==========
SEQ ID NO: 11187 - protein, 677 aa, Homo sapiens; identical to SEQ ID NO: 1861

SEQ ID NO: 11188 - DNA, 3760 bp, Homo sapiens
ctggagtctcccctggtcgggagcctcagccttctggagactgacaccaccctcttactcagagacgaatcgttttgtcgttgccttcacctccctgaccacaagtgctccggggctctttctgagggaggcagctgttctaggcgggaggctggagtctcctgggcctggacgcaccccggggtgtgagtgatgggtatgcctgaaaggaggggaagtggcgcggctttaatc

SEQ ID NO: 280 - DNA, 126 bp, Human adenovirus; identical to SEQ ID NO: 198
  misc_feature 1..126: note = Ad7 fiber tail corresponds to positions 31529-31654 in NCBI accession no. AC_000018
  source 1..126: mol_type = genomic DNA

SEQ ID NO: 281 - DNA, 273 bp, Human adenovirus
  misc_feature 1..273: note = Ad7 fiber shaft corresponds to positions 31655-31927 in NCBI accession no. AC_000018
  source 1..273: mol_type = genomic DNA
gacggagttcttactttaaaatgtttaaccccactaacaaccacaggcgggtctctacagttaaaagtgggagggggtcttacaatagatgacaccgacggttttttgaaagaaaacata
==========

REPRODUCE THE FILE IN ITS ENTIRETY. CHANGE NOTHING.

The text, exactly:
SEQ ID NO: 11187 - protein, 677 aa, Homo sapiens; identical to SEQ ID NO: 1861

SEQ ID NO: 11188 - DNA, 3760 bp, Homo sapiens
ctggagtctcccctggtcgggagcctcagccttctggagactgacaccaccctcttactcagagacgaatcgttttgtcgttgccttcacctccctgaccacaagtgctccggggctctttctgagggaggcagctgttctaggcgggaggctggagtctcctgggcctggacgcaccccggggtgtgagtgatgggtatgcctgaaaggaggggaagtggcgcggctttaatc

SEQ ID NO: 280 - DNA, 126 bp, Human adenovirus; identical to SEQ ID NO: 198
  misc_feature 1..126: note = Ad7 fiber tail corresponds to positions 31529-31654 in NCBI accession no. AC_000018
  source 1..126: mol_type = genomic DNA

SEQ ID NO: 281 - DNA, 273 bp, Human adenovirus
  misc_feature 1..273: note = Ad7 fiber shaft corresponds to positions 31655-31927 in NCBI accession no. AC_000018
  source 1..273: mol_type = genomic DNA
gacggagttcttactttaaaatgtttaaccccactaacaaccacaggcgggtctctacagttaaaagtgggagggggtcttacaatagatgacaccgacggttttttgaaagaaaacata